I'm tired of everything I write or say being joked over on the WhatWG IRC.


Some of the correspondence was irrelevant to this group. I'm only 
duplicating it to be consistently public. Philip's follow up reply and 
mine are much more relevant to a larger discussion. In my opinion at least:

First, clarification: when I respond, I'm responding only for myself, 
not the RDF/RDFa folks.
> The problem in that document is it doesn't define how to map from the 
> syntax onto the RDFa-in-XHTML processing model, which leaves a gap 
> where the behaviour is undefined. E.g. I can write <div xmlns:="..."> 
> in HTML, and I don't know whether that attribute should be ignored or 
> should redefine the default prefix mapping, because it's impossible in 
> XHTML and so the RDFa-in-XHTML specification doesn't explain how to 
> handle it.
But you don't have to re-specify a section to explain gaps. Or you don't 
have to re-state those sections with which you're in agreement.

The RDFa document, itself, falls back on certain processing rules -- 
defined both in XHTML, and indirectly, in XML. I don't think there's any 
conflict by specifying in the RDFa in HTML5 document that where such 
rules exist implicitly in the RDFa in XHTML document, they're explicitly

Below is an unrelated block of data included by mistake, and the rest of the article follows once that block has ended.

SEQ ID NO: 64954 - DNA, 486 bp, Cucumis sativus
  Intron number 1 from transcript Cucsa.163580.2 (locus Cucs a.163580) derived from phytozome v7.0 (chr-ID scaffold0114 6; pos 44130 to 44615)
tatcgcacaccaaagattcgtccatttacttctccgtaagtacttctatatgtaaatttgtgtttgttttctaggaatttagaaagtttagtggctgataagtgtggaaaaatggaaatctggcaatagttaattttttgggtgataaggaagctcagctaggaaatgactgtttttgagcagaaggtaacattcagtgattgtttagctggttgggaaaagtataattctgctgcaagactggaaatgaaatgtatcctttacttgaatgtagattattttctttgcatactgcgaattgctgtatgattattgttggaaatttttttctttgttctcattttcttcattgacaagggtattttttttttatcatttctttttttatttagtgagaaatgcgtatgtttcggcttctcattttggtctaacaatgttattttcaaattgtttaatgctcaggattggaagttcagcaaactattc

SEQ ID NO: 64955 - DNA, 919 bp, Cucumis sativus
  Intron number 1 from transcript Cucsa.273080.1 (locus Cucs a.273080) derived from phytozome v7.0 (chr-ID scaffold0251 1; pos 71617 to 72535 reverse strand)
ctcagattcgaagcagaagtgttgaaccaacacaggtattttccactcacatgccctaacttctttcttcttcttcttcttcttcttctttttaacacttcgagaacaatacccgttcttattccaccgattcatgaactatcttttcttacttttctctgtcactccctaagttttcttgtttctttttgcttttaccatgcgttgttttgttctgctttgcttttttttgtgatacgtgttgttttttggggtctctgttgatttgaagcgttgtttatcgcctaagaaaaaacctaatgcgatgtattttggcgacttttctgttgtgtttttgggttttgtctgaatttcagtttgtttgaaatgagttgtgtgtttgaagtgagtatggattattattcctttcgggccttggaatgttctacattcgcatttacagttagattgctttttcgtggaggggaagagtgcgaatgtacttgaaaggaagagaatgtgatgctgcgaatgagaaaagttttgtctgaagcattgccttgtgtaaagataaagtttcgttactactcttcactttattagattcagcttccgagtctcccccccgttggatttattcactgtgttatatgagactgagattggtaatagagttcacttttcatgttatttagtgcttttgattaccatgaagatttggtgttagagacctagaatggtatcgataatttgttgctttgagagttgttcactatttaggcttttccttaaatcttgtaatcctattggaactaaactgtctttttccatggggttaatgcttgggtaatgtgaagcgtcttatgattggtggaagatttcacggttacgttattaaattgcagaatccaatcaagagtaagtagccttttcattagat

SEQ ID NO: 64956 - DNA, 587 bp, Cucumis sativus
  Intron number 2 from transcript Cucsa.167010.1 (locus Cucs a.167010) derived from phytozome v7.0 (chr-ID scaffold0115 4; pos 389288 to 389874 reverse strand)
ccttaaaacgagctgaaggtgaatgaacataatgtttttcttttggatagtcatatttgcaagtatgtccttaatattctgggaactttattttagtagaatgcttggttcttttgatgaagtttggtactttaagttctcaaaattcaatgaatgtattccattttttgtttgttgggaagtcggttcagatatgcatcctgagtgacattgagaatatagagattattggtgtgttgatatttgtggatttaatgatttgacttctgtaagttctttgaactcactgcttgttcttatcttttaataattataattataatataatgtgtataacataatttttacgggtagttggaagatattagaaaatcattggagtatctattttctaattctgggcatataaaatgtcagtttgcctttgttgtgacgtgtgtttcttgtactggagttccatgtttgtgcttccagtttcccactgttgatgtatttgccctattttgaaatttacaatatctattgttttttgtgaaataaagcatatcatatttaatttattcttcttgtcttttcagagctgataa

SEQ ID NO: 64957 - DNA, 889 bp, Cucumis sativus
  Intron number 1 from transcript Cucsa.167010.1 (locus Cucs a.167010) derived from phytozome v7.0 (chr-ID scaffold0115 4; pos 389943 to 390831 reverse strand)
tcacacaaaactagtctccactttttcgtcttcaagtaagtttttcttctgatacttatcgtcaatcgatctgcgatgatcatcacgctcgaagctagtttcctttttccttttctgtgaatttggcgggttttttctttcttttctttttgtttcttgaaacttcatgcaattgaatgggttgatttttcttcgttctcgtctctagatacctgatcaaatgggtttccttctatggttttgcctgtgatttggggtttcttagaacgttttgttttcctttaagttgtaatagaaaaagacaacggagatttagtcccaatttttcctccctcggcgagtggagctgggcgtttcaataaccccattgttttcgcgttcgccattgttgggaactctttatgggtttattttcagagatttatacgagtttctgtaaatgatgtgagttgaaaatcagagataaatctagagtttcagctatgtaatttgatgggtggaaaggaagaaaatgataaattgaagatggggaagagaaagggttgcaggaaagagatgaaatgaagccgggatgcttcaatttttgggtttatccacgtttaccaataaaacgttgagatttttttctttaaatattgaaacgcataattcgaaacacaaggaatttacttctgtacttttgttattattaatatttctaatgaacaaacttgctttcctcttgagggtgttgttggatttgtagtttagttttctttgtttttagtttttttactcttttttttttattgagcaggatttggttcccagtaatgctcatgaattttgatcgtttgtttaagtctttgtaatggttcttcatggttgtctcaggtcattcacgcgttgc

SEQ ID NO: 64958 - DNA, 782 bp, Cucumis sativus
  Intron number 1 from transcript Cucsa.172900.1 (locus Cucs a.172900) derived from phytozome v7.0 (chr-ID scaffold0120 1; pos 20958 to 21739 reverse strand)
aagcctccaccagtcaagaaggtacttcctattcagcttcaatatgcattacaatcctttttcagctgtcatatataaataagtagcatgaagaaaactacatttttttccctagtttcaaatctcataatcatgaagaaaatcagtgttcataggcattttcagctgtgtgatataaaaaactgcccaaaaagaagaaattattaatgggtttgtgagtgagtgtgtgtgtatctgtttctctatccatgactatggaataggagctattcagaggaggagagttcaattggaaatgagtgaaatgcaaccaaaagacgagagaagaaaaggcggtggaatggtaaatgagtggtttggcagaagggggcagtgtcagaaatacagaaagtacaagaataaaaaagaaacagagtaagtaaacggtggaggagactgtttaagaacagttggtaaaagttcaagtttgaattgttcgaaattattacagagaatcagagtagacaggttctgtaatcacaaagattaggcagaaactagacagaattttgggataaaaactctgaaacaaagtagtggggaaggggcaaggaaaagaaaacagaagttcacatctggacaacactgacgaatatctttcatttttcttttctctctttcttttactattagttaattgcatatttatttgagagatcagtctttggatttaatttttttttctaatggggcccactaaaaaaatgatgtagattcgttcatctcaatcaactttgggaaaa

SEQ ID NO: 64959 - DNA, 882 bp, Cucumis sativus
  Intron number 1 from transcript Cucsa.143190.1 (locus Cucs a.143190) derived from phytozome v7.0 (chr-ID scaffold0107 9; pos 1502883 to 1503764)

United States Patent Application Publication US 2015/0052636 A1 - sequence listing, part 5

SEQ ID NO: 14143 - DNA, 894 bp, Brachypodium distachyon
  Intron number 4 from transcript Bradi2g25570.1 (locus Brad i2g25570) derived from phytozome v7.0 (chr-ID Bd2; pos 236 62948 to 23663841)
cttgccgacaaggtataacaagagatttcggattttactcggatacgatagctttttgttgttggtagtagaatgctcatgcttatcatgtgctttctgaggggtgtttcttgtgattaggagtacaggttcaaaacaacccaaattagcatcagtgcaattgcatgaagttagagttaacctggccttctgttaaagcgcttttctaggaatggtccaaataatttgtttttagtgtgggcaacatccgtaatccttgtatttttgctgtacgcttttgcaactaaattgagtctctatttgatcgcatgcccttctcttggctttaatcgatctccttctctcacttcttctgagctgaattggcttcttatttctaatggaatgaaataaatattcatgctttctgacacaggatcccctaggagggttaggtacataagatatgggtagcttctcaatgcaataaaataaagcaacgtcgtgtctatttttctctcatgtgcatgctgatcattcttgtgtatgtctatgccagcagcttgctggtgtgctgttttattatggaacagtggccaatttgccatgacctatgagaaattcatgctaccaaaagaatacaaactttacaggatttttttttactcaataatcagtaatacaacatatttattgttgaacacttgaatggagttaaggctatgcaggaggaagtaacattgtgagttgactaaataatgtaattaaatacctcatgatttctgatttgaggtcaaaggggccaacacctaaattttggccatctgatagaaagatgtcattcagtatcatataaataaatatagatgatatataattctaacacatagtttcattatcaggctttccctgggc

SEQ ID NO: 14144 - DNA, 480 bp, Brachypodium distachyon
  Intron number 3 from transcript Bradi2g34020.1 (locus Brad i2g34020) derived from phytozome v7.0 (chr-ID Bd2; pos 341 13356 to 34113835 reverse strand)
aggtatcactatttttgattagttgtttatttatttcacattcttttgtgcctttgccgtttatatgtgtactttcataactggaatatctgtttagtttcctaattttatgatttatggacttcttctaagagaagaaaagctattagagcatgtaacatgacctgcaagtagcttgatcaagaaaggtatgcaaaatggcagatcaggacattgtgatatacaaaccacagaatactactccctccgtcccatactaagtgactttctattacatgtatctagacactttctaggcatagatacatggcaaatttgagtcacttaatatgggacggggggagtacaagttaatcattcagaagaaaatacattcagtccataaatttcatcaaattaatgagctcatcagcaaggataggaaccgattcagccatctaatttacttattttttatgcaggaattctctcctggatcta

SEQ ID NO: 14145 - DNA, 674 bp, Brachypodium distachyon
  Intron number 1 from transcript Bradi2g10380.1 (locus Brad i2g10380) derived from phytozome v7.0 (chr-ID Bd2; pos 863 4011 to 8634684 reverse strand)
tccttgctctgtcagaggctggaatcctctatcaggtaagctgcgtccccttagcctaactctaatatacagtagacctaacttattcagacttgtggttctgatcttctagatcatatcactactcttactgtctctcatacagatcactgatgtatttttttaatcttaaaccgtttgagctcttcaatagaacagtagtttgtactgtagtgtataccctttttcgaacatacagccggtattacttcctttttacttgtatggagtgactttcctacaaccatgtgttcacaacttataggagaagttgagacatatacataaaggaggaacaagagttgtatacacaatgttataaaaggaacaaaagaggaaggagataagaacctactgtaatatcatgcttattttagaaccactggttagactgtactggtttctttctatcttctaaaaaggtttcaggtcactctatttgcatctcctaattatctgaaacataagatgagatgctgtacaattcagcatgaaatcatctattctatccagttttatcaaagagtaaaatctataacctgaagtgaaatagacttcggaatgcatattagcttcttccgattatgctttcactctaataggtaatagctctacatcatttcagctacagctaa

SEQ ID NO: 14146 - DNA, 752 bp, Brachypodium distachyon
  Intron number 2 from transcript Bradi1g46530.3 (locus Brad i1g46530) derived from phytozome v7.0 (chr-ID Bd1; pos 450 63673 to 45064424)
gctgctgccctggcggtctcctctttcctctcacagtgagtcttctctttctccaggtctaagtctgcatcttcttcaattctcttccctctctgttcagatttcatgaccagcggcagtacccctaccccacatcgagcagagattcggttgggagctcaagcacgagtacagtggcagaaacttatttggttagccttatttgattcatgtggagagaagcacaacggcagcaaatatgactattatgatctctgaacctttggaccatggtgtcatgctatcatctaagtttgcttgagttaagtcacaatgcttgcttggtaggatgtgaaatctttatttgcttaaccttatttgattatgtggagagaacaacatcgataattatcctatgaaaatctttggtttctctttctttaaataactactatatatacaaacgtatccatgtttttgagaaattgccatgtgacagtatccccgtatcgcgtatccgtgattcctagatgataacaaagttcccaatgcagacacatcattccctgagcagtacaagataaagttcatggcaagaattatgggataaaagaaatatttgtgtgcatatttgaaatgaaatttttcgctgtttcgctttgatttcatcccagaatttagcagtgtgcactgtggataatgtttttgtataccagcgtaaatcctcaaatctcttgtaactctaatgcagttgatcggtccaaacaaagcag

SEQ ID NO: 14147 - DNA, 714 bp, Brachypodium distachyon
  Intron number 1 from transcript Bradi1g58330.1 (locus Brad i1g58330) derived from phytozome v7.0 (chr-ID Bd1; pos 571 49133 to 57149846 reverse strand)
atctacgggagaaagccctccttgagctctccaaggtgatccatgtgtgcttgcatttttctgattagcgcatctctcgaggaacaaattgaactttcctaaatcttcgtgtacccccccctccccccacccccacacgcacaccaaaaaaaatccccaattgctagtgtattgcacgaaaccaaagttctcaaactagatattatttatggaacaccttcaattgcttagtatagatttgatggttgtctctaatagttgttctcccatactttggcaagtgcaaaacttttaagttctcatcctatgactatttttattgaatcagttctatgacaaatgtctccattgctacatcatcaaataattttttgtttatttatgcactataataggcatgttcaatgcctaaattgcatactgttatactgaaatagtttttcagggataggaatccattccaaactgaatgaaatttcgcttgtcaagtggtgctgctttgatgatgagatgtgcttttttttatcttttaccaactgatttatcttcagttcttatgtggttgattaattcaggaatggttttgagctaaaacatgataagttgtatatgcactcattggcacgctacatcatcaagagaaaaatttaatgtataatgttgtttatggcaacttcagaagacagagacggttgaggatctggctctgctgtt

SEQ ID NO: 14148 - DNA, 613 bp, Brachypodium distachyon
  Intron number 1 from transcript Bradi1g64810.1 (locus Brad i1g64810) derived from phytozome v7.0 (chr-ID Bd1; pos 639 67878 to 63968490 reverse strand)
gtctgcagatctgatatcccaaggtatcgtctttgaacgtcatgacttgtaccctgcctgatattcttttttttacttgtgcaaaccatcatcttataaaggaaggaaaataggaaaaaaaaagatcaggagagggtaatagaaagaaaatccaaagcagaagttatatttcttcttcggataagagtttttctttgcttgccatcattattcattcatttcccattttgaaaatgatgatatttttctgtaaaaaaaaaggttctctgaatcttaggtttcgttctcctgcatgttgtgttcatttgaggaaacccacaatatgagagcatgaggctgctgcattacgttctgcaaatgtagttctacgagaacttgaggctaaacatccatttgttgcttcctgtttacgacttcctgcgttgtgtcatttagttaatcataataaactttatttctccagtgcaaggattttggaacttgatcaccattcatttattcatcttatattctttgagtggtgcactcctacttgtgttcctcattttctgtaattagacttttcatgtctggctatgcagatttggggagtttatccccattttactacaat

given in the HTML5 document.

> One idea for fixing the gap is to produce a more detailed mapping from 
> text/html onto the RDFa-in-XHTML processing model. But that seems like 
> an unpleasantly difficult solution, since RDFa-in-XHTML wasn't really 
> designed to be used like that and there lots of small mismatches and 
> edge cases that make it tricky.
But if you create a _new_ processing model, there will eventually be two 
set of rules to follow, which introduces corruption in the underlying 
data models (RDF graphs).

You keep talking about processing the data _within_ the document using 
JS, and I'm trying to make a point that the majority of RDF ends up 
merged with other RDF from other documents in much larger pools of data. 
Personally I don't give a damn about processing RDF in my pages with JS. 
And I don't think I'm necessarily an exception. I can tell that most of 
the work being done with Drupal 7 is based on the data being consumed 
outside the pages, rather than within.

So from a mindset perspective, we have to get away from this JS/Ajax, 
in-page view of the data and look at it from a broader perspective. It 
would be better not to have any data, than to have "bad" data.

I'm assuming you've worked with databases created by other entities 
where you've not had control over the creation of the data model 
underlying the database, or the validation of the data going into the 
database. If you've participated in any kind of a data clean up 
operation, you must know that no data is all is actually easier to 
manage, than not being able to tell what is good data, from "bad". Once 
that's happened, good and bad mixed, with no clear clue as to which is 
which, the database is completely corrupted, and has to be discarded.

> Since HTML 5 already defines how to handle text/html and